Unlike most political issues, immigration is not really a right vs. left or Republican vs. Democrat issue. Instead, immigration is better understood as an elite vs. public issue where the elite in our society tends to support higher levels of immigration and where the general public tends to support lower levels of immigration. For politicians of all political stripes, the question on immigration is whether they will side with the elite or the public.

The Chicago Council on Foreign Relations confirmed this divide years ago in a survey that contrasted the views of elites and the general public on a wide range of issues, including defense spending, foreign aid, Islamic fundamentalism, promoting and defending human rights, strengthening the United Nations, treaties to reduce global warming, and, of course, immigration. The "elite" group responding to the survey was made up of nearly 400 opinion leaders, including members of Congress, the White House, business executives, union leaders, journalists, academics, leaders of church groups and leaders of major interest groups. The "public" group was made up average Americans.

The poll results indicated that there is no other foreign policy-related issue on which the American people and their leaders disagree more profoundly than immigration.

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When asked whether legal immigration should be reduced, kept the same, or increased, 55 percent of the public said it should be reduced, and 27 percent said it should remain the same. In contrast, only 18 percent of opinion leaders said it should be reduced and 60 percent said it should remain the same.

Additionally, 70 percent of the public said that reducing illegal immigration should be a "very important" foreign policy goal of the United States, compared to only 22 percent of elites. When asked to rank the biggest foreign policy problems, the public ranked illegal immigration sixth, while elites ranked it 26th.

Since it first published that report, the group seems to have stopped comparing elite and public views on immigration. Still, there is very little evidence that voters support increases in legal immigration, which is the main goal of the elite interests pushing changes to immigration policy. A new Reuters poll found that only 17 percent thought more legal immigrants should be allowed to come to the United States.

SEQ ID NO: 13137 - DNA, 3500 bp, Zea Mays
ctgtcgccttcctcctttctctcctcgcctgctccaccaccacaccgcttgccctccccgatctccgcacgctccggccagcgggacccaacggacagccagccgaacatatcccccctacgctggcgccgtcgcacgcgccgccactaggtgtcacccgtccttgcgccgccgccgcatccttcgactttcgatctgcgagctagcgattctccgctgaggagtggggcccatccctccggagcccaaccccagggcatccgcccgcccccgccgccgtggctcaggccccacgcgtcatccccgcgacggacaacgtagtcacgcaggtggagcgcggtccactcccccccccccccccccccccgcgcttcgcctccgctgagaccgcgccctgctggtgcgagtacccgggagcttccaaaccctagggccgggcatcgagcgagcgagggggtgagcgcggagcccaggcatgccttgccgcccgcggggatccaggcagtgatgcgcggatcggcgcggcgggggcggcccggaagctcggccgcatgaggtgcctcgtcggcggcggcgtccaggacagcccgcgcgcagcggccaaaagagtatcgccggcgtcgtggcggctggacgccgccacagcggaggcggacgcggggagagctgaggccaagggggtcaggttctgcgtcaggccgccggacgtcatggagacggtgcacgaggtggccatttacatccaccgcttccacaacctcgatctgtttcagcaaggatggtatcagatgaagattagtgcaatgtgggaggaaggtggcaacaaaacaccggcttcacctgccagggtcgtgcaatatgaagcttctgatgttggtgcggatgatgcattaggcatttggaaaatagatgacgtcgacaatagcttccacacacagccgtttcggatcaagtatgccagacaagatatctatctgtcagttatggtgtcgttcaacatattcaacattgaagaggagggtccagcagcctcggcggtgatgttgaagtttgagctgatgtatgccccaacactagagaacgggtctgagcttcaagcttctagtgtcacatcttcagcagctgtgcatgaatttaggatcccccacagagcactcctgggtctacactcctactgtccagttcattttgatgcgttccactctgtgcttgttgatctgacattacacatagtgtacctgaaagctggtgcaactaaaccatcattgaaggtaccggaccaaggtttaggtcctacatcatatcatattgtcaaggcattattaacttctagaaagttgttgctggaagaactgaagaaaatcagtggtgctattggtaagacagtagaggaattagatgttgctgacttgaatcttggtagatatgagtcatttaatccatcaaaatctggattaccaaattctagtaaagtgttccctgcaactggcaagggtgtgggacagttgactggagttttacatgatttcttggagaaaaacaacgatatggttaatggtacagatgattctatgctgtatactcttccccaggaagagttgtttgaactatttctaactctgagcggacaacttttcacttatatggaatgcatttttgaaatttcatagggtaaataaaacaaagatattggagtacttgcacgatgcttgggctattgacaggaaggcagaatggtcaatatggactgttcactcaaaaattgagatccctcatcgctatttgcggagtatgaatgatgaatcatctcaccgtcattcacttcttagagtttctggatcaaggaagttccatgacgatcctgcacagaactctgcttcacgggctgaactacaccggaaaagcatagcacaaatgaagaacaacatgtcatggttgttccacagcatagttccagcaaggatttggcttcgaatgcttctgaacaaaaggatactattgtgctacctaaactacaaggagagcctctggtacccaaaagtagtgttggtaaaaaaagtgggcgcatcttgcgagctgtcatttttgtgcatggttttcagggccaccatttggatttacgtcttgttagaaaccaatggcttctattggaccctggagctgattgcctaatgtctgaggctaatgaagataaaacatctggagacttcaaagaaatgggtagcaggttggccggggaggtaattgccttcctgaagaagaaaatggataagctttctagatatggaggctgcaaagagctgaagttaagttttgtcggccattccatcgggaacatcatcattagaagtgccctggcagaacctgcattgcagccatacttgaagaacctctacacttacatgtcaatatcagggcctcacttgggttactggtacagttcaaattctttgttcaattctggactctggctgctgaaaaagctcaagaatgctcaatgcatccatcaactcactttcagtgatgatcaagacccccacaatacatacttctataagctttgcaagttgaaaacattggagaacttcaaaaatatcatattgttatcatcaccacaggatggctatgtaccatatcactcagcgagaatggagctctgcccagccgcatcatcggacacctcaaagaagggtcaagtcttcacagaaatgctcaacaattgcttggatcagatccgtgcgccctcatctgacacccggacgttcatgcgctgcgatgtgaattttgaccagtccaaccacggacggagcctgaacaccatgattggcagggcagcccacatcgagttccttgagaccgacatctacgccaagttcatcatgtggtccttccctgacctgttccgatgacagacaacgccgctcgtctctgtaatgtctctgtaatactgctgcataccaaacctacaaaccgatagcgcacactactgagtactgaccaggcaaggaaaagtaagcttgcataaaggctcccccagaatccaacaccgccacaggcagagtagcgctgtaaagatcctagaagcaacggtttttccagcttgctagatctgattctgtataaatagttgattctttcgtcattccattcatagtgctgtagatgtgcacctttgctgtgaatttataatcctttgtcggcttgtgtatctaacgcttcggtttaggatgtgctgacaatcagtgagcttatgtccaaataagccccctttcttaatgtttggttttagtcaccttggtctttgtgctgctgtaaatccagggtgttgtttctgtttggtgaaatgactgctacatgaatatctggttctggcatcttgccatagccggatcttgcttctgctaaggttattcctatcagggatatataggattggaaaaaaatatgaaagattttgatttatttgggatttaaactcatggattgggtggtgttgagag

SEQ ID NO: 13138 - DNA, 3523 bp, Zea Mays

How does this divide show itself on Capitol Hill? On one side, there are bipartisan bills, bipartisan "gangs" of legislators and massive bags of cash from lobbyists; on the other side, there are bipartisan phone calls from angry constituents. The supposedly strange bedfellows of the immigration debate really aren't so strange. There is a reason President George W. Bush and President Obama are virtually identical on immigration, and it is the same reason both The New York Times and The Wall Street Journal editorial boards support amnesty, the same reason Reps. Paul RyanPaul RyanGOP chairman to discuss Charlottesville as domestic terrorism at hearing Trump’s isolation grows GOP lawmaker: Trump 'failing' in Charlottesville response MORE (R-Wis.) and Luis GutierrezLuis GutierrezRep. Gutiérrez arrested at White House immigration protest Supporting 'Dreamers' is our civic and moral duty Momentum builds for bill to help 'Dreamers' MORE (D-Ill.) are "BFFs" on immigration, the same reason George Soros and the Koch brothers have similar views on immigration: The elites in our society are overwhelmingly on the side of open borders because they are the ones who benefit most from mass immigration and are most able to avoid the costs associated with such policies. (How many "unaccompanied minors" will Sidwell Friends School be taking in?) To this extent, the bipartisan nature of immigration legislation is not all that relevant or compelling.